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Who Owns the Song Happy Birthday?

Michael Pollick
By
Updated May 23, 2024
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The song "Happy Birthday", with its ill-fitting lyrics and numbingly simple tune, is actually owned by a subsidiary of the media conglomeration known as AOL Time Warner. How a song as common as this ended up in the hands of a multi-national media group is nearly as interesting as the origins of the song itself.

The tune of the song is believed to have been written by a woman from Kentucky named Mildred J. Hill sometime around 1893. Her sister, Patty Smith Hill, had already composed a simple greeting song called "Good Morning to You" for her students. Mildred and Patty Hill were both influential in the world of early childhood education, and their greeting song was eventually published in a collection of kindergarten songs. At that time, however, there was no lyrics which actually contained the words "Happy Birthday".

By the mid-1920s, several songbooks contained "Happy Birthday" as a second verse of the Hill sister's "Good Morning to You". Several motion pictures used the song without crediting the songwriters, which prompted a third sister named Jessica Hill to demand legal compensation. Jessica Hill also established her sisters as the legal copyright owners of the work.

This is where ownership rights of "Happy Birthday" become a movable feast. Jessica Hill worked with the Clayton F. Summy musical publishing company to first publish the song as a copyrighted work in 1935, crediting the lyrics to Preston Ware Orem, an employee of Summy. Originally, the copyright owned by the Hill sisters would have lasted for two consecutive 28 year terms. However, modern changes to copyright law have added several more decades of protection, making the work privately-owned until at least the year 2030.

The chain of ownership for "Happy Birthday" begins with Jessica Hill and the Clayton F. Summy Company. A New York-based businessman acquired the company and renamed it Birch Tree Ltd. A subsidiary of Warner Communications, Warner Chappell, eventually bought Birch Tree Ltd. in the late 1990s, renaming it Summy-Birchard Music. Time-Warner merged with Internet giant AOL to form Time Warner AOL.

Although any commercial production which uses this song must pay royalties or obtain a license from ASCAP or the Harry Fox agency, individuals can still sing it in the privacy of their own homes. Technically, bars and restaurants without ASCAP licenses cannot allow employees to perform "Happy Birthday" for customers, which is why many of these places create their own birthday songs as substitutes.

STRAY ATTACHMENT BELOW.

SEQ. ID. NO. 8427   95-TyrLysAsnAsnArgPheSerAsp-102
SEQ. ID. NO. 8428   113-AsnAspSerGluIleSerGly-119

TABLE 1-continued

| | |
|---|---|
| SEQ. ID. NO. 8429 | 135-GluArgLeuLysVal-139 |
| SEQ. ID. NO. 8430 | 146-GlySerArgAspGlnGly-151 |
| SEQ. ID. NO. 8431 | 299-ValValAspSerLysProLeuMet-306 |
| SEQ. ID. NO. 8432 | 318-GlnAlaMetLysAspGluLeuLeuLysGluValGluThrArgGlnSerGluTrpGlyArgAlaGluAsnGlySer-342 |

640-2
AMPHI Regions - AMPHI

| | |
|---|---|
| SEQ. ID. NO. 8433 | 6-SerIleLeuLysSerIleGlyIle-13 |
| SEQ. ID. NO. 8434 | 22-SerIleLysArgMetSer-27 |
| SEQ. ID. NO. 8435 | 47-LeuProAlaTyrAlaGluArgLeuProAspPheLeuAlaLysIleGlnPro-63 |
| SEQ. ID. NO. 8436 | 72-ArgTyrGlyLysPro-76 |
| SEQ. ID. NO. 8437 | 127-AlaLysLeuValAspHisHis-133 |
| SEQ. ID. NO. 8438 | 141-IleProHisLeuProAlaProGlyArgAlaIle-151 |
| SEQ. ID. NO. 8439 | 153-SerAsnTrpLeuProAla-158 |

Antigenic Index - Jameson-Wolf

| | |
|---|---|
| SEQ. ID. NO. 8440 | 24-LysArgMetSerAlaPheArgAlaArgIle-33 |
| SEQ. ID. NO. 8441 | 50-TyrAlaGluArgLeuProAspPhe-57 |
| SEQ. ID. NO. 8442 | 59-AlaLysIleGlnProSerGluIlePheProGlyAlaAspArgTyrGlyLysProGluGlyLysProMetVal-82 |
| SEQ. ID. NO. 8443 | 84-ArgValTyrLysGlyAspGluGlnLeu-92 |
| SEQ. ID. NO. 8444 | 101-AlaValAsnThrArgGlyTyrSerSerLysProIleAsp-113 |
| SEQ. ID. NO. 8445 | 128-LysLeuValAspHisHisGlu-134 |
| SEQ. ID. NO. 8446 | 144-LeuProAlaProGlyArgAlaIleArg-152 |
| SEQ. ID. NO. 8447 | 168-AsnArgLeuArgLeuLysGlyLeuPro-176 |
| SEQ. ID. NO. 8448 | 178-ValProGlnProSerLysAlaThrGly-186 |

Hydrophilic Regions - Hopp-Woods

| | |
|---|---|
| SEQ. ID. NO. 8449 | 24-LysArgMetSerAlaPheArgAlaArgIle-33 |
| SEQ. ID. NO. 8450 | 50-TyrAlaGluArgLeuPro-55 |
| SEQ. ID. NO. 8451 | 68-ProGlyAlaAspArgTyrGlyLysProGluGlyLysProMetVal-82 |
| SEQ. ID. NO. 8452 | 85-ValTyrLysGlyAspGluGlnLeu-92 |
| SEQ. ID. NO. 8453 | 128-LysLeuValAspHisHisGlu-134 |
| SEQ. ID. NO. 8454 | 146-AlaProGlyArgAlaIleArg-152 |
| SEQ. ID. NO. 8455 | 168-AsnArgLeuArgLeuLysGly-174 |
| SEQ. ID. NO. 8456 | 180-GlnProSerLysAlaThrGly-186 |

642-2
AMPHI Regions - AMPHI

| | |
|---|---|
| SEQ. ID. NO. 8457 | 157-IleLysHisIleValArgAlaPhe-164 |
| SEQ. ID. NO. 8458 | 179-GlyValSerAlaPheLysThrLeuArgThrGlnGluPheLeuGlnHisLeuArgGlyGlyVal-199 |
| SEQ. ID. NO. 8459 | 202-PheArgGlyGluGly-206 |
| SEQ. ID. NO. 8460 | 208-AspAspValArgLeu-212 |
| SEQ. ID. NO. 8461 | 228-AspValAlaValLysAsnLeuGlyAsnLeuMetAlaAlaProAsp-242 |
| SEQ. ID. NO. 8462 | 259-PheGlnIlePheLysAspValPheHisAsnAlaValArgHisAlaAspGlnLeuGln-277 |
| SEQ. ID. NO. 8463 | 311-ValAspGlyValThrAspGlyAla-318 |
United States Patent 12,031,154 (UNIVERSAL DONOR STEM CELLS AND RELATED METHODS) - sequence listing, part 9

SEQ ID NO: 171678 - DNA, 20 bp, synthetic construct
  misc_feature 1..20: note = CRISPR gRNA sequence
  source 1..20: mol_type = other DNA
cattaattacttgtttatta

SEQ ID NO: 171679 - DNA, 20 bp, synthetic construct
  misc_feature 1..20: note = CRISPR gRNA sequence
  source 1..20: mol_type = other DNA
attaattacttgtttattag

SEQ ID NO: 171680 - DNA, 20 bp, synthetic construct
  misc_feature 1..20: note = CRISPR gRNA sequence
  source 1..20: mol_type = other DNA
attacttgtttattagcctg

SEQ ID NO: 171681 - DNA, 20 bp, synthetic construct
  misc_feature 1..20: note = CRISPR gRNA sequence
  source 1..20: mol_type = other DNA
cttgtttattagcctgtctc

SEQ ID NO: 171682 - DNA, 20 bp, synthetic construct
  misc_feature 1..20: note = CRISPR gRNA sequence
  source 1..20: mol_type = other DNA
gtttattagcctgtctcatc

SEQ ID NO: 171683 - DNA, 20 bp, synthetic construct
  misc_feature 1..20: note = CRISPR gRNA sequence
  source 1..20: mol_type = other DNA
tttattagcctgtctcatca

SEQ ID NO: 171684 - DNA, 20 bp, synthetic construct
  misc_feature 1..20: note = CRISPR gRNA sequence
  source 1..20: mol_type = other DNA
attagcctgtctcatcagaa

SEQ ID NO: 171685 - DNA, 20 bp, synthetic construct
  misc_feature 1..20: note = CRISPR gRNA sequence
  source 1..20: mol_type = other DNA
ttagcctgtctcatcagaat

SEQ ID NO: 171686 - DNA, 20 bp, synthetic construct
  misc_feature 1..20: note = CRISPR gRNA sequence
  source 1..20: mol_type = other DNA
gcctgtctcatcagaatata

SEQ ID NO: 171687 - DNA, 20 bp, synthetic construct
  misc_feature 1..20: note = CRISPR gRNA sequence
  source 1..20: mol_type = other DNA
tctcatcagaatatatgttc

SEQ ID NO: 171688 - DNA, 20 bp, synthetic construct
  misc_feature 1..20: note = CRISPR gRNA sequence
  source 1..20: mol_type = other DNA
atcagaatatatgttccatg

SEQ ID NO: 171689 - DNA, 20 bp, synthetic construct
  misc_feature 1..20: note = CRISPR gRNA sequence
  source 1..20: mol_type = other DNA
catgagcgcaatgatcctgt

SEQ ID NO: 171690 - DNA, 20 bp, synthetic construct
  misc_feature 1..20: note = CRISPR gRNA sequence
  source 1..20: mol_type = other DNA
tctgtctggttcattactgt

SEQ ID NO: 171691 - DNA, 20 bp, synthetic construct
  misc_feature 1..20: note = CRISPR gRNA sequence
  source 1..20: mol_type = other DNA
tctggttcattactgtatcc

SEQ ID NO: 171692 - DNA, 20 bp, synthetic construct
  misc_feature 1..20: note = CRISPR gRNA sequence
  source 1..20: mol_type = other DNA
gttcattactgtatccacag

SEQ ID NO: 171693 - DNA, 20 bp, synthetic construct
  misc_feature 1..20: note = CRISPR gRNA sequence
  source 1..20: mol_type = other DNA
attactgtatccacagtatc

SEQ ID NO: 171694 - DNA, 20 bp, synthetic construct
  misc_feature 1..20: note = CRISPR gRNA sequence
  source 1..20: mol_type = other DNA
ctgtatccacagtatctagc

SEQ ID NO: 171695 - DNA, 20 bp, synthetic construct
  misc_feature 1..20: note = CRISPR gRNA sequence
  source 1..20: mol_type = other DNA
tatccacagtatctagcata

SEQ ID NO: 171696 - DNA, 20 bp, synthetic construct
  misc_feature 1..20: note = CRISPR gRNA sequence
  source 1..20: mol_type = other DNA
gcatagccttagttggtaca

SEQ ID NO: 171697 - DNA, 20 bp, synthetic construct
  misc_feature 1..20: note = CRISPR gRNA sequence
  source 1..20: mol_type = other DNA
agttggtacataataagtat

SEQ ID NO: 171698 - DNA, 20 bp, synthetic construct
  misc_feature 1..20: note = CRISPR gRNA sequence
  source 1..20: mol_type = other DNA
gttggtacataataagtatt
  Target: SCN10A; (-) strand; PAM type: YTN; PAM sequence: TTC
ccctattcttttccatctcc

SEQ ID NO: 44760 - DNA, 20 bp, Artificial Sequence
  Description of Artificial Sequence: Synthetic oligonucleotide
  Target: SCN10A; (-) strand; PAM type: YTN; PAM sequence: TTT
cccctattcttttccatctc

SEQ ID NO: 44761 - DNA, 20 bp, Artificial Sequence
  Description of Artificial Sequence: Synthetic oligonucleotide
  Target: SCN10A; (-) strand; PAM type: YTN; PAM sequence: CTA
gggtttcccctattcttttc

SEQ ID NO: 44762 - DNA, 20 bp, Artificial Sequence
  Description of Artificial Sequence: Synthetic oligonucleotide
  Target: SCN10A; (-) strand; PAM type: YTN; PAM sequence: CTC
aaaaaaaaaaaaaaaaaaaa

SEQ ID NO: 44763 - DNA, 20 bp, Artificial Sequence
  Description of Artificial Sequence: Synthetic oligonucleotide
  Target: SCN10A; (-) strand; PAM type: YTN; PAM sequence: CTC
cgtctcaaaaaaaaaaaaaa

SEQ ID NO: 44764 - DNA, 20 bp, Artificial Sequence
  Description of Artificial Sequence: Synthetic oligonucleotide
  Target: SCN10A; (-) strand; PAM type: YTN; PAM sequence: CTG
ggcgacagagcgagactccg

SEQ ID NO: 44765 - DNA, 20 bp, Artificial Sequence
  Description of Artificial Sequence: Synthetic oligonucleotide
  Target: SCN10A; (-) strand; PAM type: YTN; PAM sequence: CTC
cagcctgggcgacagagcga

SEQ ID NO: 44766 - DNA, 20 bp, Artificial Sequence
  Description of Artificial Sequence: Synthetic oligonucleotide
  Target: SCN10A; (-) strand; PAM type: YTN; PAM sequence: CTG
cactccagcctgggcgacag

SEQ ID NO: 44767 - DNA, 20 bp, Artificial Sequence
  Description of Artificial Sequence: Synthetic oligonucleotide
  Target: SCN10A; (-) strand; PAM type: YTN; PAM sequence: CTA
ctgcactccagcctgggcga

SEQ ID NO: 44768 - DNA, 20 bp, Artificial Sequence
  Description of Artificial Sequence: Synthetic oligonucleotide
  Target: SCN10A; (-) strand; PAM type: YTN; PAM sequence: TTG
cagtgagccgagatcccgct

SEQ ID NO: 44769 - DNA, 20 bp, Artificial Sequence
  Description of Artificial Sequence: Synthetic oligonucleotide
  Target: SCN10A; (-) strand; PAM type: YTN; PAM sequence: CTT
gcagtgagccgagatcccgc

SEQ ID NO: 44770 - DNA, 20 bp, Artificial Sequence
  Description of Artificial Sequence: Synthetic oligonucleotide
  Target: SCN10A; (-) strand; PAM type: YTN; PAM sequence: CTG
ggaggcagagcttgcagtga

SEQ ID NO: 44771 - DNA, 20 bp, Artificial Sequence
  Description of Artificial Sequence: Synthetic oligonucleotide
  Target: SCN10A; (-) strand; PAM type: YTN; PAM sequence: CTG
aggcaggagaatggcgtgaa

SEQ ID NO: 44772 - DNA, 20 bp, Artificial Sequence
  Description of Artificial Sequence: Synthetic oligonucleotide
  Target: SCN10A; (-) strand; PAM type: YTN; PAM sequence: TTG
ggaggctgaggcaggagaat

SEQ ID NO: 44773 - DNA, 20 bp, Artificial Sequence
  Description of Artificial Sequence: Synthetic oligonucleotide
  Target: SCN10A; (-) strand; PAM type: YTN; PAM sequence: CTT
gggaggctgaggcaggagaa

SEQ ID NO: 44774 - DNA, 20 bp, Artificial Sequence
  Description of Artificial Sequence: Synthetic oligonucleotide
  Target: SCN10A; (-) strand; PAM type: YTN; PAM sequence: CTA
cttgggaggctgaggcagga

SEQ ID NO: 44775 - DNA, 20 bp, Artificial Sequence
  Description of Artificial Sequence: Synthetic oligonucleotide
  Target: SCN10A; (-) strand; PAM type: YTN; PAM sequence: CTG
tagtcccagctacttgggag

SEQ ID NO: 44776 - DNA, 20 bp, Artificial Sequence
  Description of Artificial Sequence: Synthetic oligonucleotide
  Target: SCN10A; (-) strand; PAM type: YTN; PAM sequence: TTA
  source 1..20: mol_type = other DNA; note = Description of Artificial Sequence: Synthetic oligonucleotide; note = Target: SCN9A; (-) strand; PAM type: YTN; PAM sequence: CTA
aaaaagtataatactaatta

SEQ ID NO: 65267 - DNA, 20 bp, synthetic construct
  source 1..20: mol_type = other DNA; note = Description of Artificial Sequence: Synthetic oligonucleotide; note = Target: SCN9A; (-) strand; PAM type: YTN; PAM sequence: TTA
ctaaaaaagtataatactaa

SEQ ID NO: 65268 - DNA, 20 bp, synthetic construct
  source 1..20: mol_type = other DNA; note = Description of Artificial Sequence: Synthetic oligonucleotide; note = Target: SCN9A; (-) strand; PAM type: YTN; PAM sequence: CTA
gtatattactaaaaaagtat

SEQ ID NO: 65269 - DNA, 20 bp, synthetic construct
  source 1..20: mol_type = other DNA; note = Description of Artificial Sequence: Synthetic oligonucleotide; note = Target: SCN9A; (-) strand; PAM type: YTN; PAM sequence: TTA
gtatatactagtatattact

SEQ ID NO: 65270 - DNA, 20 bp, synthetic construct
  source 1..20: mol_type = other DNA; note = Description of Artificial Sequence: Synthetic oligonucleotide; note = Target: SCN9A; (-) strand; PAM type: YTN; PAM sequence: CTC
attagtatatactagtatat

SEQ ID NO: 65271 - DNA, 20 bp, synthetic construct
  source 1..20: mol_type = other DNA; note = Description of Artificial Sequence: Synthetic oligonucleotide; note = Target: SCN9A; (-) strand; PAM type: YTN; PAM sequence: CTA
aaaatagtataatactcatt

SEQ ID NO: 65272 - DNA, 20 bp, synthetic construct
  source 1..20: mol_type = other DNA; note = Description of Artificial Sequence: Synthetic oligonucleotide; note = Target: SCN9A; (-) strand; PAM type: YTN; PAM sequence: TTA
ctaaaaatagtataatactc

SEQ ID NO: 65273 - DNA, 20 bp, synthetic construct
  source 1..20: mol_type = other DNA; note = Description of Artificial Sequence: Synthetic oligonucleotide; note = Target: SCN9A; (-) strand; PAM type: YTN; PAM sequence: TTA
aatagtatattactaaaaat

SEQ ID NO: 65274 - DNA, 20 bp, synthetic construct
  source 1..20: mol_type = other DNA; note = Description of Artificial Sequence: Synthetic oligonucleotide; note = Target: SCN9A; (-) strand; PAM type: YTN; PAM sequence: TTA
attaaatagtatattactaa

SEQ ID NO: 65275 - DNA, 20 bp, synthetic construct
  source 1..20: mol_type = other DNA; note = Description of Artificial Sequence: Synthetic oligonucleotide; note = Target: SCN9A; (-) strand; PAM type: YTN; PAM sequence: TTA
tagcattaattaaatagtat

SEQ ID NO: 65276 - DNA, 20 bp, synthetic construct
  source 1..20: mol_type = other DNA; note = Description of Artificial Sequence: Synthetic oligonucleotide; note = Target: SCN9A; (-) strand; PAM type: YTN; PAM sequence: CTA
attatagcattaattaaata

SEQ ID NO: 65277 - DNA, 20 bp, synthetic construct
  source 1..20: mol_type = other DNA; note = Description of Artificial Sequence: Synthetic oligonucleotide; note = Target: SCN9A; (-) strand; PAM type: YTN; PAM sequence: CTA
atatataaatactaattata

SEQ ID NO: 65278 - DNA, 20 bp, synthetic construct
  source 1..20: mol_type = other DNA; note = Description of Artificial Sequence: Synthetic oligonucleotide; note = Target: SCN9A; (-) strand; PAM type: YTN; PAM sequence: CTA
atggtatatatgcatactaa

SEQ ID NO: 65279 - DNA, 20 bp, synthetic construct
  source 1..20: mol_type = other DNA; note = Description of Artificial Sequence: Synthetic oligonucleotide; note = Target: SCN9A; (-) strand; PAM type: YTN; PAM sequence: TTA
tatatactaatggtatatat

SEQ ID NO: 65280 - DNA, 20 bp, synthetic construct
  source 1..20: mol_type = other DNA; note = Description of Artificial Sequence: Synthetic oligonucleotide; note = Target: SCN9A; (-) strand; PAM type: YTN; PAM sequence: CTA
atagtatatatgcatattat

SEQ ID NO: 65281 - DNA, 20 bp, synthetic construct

Musical Expert is dedicated to providing accurate and trustworthy information. We carefully select reputable sources and employ a rigorous fact-checking process to maintain the highest standards. To learn more about our commitment to accuracy, read our editorial process.
Michael Pollick
By Michael Pollick
As a frequent contributor to Musical Expert, Michael Pollick uses his passion for research and writing to cover a wide range of topics. His curiosity drives him to study subjects in-depth, resulting in informative and engaging articles. Prior to becoming a professional writer, Michael honed his skills as an English tutor, poet, voice-over artist, and DJ.
Discussion Comments
By anon260420 — On Apr 11, 2012

Who owns the copyright for "Black Satin," composed and performed by Miles Davis?

By klorine — On Aug 15, 2010

@Perforations - Actually, there are plenty of ways to find music and other recorded sounds that aren't owned by anyone. Many filmmakers that are working under a limited budget will utilize uncopyrighted musical services that allow the cheap and often free usage of professionally recorded music. Often, the musicians that help compose these songs will do the recording sessions for a flat fee, and then companies will publish the songs under a free usage agreement.

By Perforations — On Aug 15, 2010

Wow, I can't believe "Happy Birthday" is owned by something. It seems to me that this song is too universal and too ingrained into our culture to be the property of any one entity. But I suppose that's how it is with music publishing; every sound ever recorded is owned by someone. It is interesting to know why many restaurants have a different birthday song. I always wondered why they didn't just stick to the song everyone knows and can sing along with. I should've guessed it was to avoid paying royalties.

Michael Pollick
Michael Pollick
As a frequent contributor to Musical Expert, Michael Pollick uses his passion for research and writing to cover a wide...
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